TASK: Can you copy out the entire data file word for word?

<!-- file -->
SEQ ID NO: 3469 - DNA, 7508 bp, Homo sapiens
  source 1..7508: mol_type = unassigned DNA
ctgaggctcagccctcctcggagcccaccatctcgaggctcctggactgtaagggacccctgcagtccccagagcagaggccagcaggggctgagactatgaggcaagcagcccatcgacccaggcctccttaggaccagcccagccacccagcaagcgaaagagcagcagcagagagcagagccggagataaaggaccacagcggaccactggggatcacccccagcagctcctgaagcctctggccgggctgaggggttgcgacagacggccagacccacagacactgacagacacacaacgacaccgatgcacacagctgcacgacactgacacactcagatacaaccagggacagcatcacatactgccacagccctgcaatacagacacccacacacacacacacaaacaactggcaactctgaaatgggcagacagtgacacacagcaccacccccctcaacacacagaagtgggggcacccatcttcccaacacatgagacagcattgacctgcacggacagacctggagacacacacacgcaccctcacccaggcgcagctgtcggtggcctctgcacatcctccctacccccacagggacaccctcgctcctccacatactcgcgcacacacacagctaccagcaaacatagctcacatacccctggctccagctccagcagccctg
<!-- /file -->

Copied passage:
SEQ ID NO: 3469 - DNA, 7508 bp, Homo sapiens
  source 1..7508: mol_type = unassigned DNA
ctgaggctcagccctcctcggagcccaccatctcgaggctcctggactgtaagggacccctgcagtccccagagcagaggccagcaggggctgagactatgaggcaagcagcccatcgacccaggcctccttaggaccagcccagccacccagcaagcgaaagagcagcagcagagagcagagccggagataaaggaccacagcggaccactggggatcacccccagcagctcctgaagcctctggccgggctgaggggttgcgacagacggccagacccacagacactgacagacacacaacgacaccgatgcacacagctgcacgacactgacacactcagatacaaccagggacagcatcacatactgccacagccctgcaatacagacacccacacacacacacacaaacaactggcaactctgaaatgggcagacagtgacacacagcaccacccccctcaacacacagaagtgggggcacccatcttcccaacacatgagacagcattgacctgcacggacagacctggagacacacacacgcaccctcacccaggcgcagctgtcggtggcctctgcacatcctccctacccccacagggacaccctcgctcctccacatactcgcgcacacacacagctaccagcaaacatagctcacatacccctggctccagctccagcagccctg